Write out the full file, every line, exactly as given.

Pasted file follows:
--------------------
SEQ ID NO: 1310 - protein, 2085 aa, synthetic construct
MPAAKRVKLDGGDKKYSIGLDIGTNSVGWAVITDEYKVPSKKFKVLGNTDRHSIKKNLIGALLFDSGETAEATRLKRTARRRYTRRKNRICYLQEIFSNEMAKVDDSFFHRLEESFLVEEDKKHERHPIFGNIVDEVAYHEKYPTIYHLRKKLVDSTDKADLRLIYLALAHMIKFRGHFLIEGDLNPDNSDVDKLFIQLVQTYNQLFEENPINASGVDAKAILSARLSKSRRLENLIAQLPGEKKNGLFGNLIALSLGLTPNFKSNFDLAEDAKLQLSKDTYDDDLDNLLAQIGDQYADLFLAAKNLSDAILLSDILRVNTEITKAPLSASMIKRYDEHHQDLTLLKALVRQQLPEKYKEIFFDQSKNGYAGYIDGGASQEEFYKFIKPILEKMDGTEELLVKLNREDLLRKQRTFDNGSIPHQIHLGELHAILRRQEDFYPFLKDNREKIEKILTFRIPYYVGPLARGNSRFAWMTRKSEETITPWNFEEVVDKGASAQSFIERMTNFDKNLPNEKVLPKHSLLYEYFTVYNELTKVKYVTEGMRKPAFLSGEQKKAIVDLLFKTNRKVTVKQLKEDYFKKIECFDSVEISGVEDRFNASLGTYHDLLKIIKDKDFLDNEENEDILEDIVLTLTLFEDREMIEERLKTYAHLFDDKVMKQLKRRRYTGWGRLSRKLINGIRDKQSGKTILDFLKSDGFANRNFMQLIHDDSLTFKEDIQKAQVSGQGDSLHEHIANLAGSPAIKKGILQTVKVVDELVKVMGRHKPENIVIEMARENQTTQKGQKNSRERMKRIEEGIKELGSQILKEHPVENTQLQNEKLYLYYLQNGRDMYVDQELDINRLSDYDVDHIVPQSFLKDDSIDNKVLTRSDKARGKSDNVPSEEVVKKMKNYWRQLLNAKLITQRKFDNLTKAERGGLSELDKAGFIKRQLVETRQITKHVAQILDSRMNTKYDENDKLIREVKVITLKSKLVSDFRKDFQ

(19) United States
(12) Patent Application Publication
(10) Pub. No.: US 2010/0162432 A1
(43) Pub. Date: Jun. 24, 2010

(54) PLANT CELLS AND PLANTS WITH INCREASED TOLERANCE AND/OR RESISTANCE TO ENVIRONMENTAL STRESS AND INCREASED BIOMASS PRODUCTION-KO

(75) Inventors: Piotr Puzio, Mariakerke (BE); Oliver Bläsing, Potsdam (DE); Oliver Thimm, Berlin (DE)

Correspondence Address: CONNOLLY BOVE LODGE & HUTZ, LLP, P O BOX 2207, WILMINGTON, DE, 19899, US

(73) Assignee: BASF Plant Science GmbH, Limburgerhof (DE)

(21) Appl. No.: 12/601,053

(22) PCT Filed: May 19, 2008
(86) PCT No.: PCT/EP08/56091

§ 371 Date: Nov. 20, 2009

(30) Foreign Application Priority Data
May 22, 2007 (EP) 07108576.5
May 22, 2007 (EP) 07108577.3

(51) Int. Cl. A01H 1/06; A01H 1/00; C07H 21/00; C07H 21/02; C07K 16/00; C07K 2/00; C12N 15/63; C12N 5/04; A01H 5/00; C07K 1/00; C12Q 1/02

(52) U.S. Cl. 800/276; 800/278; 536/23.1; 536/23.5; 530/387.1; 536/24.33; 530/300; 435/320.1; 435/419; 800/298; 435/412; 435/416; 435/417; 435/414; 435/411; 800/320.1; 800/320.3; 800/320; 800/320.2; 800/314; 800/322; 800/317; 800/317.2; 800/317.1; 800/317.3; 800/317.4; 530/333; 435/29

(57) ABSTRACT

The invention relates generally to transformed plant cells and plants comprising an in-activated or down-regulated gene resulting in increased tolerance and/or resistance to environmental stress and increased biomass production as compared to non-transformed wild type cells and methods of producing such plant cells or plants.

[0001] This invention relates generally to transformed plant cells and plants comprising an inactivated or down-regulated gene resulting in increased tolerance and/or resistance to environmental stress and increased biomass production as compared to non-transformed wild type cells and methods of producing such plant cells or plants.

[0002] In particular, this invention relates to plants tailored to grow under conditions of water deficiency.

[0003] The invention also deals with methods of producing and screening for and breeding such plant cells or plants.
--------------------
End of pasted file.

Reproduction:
SEQ ID NO: 1310 - protein, 2085 aa, synthetic construct
MPAAKRVKLDGGDKKYSIGLDIGTNSVGWAVITDEYKVPSKKFKVLGNTDRHSIKKNLIGALLFDSGETAEATRLKRTARRRYTRRKNRICYLQEIFSNEMAKVDDSFFHRLEESFLVEEDKKHERHPIFGNIVDEVAYHEKYPTIYHLRKKLVDSTDKADLRLIYLALAHMIKFRGHFLIEGDLNPDNSDVDKLFIQLVQTYNQLFEENPINASGVDAKAILSARLSKSRRLENLIAQLPGEKKNGLFGNLIALSLGLTPNFKSNFDLAEDAKLQLSKDTYDDDLDNLLAQIGDQYADLFLAAKNLSDAILLSDILRVNTEITKAPLSASMIKRYDEHHQDLTLLKALVRQQLPEKYKEIFFDQSKNGYAGYIDGGASQEEFYKFIKPILEKMDGTEELLVKLNREDLLRKQRTFDNGSIPHQIHLGELHAILRRQEDFYPFLKDNREKIEKILTFRIPYYVGPLARGNSRFAWMTRKSEETITPWNFEEVVDKGASAQSFIERMTNFDKNLPNEKVLPKHSLLYEYFTVYNELTKVKYVTEGMRKPAFLSGEQKKAIVDLLFKTNRKVTVKQLKEDYFKKIECFDSVEISGVEDRFNASLGTYHDLLKIIKDKDFLDNEENEDILEDIVLTLTLFEDREMIEERLKTYAHLFDDKVMKQLKRRRYTGWGRLSRKLINGIRDKQSGKTILDFLKSDGFANRNFMQLIHDDSLTFKEDIQKAQVSGQGDSLHEHIANLAGSPAIKKGILQTVKVVDELVKVMGRHKPENIVIEMARENQTTQKGQKNSRERMKRIEEGIKELGSQILKEHPVENTQLQNEKLYLYYLQNGRDMYVDQELDINRLSDYDVDHIVPQSFLKDDSIDNKVLTRSDKARGKSDNVPSEEVVKKMKNYWRQLLNAKLITQRKFDNLTKAERGGLSELDKAGFIKRQLVETRQITKHVAQILDSRMNTKYDENDKLIREVKVITLKSKLVSDFRKDFQ

(19) United States
(12) Patent Application Publication
(10) Pub. No.: US 2010/0162432 A1
(43) Pub. Date: Jun. 24, 2010

(54) PLANT CELLS AND PLANTS WITH INCREASED TOLERANCE AND/OR RESISTANCE TO ENVIRONMENTAL STRESS AND INCREASED BIOMASS PRODUCTION-KO

(75) Inventors: Piotr Puzio, Mariakerke (BE); Oliver Bläsing, Potsdam (DE); Oliver Thimm, Berlin (DE)

Correspondence Address: CONNOLLY BOVE LODGE & HUTZ, LLP, P O BOX 2207, WILMINGTON, DE, 19899, US

(73) Assignee: BASF Plant Science GmbH, Limburgerhof (DE)

(21) Appl. No.: 12/601,053

(22) PCT Filed: May 19, 2008
(86) PCT No.: PCT/EP08/56091

§ 371 Date: Nov. 20, 2009

(30) Foreign Application Priority Data
May 22, 2007 (EP) 07108576.5
May 22, 2007 (EP) 07108577.3

(51) Int. Cl. A01H 1/06; A01H 1/00; C07H 21/00; C07H 21/02; C07K 16/00; C07K 2/00; C12N 15/63; C12N 5/04; A01H 5/00; C07K 1/00; C12Q 1/02

(52) U.S. Cl. 800/276; 800/278; 536/23.1; 536/23.5; 530/387.1; 536/24.33; 530/300; 435/320.1; 435/419; 800/298; 435/412; 435/416; 435/417; 435/414; 435/411; 800/320.1; 800/320.3; 800/320; 800/320.2; 800/314; 800/322; 800/317; 800/317.2; 800/317.1; 800/317.3; 800/317.4; 530/333; 435/29

(57) ABSTRACT

The invention relates generally to transformed plant cells and plants comprising an in-activated or down-regulated gene resulting in increased tolerance and/or resistance to environmental stress and increased biomass production as compared to non-transformed wild type cells and methods of producing such plant cells or plants.

[0001] This invention relates generally to transformed plant cells and plants comprising an inactivated or down-regulated gene resulting in increased tolerance and/or resistance to environmental stress and increased biomass production as compared to non-transformed wild type cells and methods of producing such plant cells or plants.

[0002] In particular, this invention relates to plants tailored to grow under conditions of water deficiency.

[0003] The invention also deals with methods of producing and screening for and breeding such plant cells or plants.